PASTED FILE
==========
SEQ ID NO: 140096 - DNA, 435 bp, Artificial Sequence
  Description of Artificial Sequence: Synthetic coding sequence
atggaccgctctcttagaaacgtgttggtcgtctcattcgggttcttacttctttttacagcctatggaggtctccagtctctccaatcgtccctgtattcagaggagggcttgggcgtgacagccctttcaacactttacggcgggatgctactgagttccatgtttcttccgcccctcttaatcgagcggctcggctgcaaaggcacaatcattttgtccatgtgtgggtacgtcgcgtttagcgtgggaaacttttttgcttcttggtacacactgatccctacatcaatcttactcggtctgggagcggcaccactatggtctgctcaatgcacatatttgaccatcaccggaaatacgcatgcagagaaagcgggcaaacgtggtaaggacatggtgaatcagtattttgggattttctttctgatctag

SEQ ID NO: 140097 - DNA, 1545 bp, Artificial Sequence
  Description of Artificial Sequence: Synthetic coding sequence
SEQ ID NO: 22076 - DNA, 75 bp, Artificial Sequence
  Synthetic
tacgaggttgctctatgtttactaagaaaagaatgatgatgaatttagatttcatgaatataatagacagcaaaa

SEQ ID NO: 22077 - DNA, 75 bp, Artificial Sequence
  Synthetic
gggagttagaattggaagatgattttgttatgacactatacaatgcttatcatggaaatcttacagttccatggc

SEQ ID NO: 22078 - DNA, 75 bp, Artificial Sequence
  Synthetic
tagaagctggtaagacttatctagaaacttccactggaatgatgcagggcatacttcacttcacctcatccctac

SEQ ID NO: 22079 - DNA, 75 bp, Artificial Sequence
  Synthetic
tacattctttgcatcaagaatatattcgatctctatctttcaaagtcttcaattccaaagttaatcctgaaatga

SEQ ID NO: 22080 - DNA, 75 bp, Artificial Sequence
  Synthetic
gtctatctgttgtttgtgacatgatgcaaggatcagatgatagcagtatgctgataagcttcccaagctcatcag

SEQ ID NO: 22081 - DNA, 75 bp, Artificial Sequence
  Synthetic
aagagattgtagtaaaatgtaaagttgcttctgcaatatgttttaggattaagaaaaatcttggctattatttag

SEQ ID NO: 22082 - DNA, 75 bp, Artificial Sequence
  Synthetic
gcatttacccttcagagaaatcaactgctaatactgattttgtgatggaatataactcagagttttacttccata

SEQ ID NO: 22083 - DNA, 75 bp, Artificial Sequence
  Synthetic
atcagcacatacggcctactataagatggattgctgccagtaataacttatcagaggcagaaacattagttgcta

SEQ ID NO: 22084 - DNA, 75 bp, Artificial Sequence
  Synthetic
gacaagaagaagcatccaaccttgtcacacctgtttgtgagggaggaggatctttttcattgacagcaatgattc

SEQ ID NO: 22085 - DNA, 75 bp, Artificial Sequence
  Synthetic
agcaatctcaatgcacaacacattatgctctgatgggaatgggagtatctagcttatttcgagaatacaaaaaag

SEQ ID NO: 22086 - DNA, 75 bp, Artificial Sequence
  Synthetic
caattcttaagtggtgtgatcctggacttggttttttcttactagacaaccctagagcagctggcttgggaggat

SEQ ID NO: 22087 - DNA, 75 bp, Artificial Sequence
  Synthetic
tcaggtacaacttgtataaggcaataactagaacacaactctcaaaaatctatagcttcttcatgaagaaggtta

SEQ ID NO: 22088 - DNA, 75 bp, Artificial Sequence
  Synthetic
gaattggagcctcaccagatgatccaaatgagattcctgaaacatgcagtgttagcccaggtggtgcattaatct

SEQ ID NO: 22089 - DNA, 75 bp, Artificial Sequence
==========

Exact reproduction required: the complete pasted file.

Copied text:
SEQ ID NO: 140096 - DNA, 435 bp, Artificial Sequence
  Description of Artificial Sequence: Synthetic coding sequence
atggaccgctctcttagaaacgtgttggtcgtctcattcgggttcttacttctttttacagcctatggaggtctccagtctctccaatcgtccctgtattcagaggagggcttgggcgtgacagccctttcaacactttacggcgggatgctactgagttccatgtttcttccgcccctcttaatcgagcggctcggctgcaaaggcacaatcattttgtccatgtgtgggtacgtcgcgtttagcgtgggaaacttttttgcttcttggtacacactgatccctacatcaatcttactcggtctgggagcggcaccactatggtctgctcaatgcacatatttgaccatcaccggaaatacgcatgcagagaaagcgggcaaacgtggtaaggacatggtgaatcagtattttgggattttctttctgatctag

SEQ ID NO: 140097 - DNA, 1545 bp, Artificial Sequence
  Description of Artificial Sequence: Synthetic coding sequence
SEQ ID NO: 22076 - DNA, 75 bp, Artificial Sequence
  Synthetic
tacgaggttgctctatgtttactaagaaaagaatgatgatgaatttagatttcatgaatataatagacagcaaaa

SEQ ID NO: 22077 - DNA, 75 bp, Artificial Sequence
  Synthetic
gggagttagaattggaagatgattttgttatgacactatacaatgcttatcatggaaatcttacagttccatggc

SEQ ID NO: 22078 - DNA, 75 bp, Artificial Sequence
  Synthetic
tagaagctggtaagacttatctagaaacttccactggaatgatgcagggcatacttcacttcacctcatccctac

SEQ ID NO: 22079 - DNA, 75 bp, Artificial Sequence
  Synthetic
tacattctttgcatcaagaatatattcgatctctatctttcaaagtcttcaattccaaagttaatcctgaaatga

SEQ ID NO: 22080 - DNA, 75 bp, Artificial Sequence
  Synthetic
gtctatctgttgtttgtgacatgatgcaaggatcagatgatagcagtatgctgataagcttcccaagctcatcag

SEQ ID NO: 22081 - DNA, 75 bp, Artificial Sequence
  Synthetic
aagagattgtagtaaaatgtaaagttgcttctgcaatatgttttaggattaagaaaaatcttggctattatttag

SEQ ID NO: 22082 - DNA, 75 bp, Artificial Sequence
  Synthetic
gcatttacccttcagagaaatcaactgctaatactgattttgtgatggaatataactcagagttttacttccata

SEQ ID NO: 22083 - DNA, 75 bp, Artificial Sequence
  Synthetic
atcagcacatacggcctactataagatggattgctgccagtaataacttatcagaggcagaaacattagttgcta

SEQ ID NO: 22084 - DNA, 75 bp, Artificial Sequence
  Synthetic
gacaagaagaagcatccaaccttgtcacacctgtttgtgagggaggaggatctttttcattgacagcaatgattc

SEQ ID NO: 22085 - DNA, 75 bp, Artificial Sequence
  Synthetic
agcaatctcaatgcacaacacattatgctctgatgggaatgggagtatctagcttatttcgagaatacaaaaaag

SEQ ID NO: 22086 - DNA, 75 bp, Artificial Sequence
  Synthetic
caattcttaagtggtgtgatcctggacttggttttttcttactagacaaccctagagcagctggcttgggaggat

SEQ ID NO: 22087 - DNA, 75 bp, Artificial Sequence
  Synthetic
tcaggtacaacttgtataaggcaataactagaacacaactctcaaaaatctatagcttcttcatgaagaaggtta

SEQ ID NO: 22088 - DNA, 75 bp, Artificial Sequence
  Synthetic
gaattggagcctcaccagatgatccaaatgagattcctgaaacatgcagtgttagcccaggtggtgcattaatct

SEQ ID NO: 22089 - DNA, 75 bp, Artificial Sequence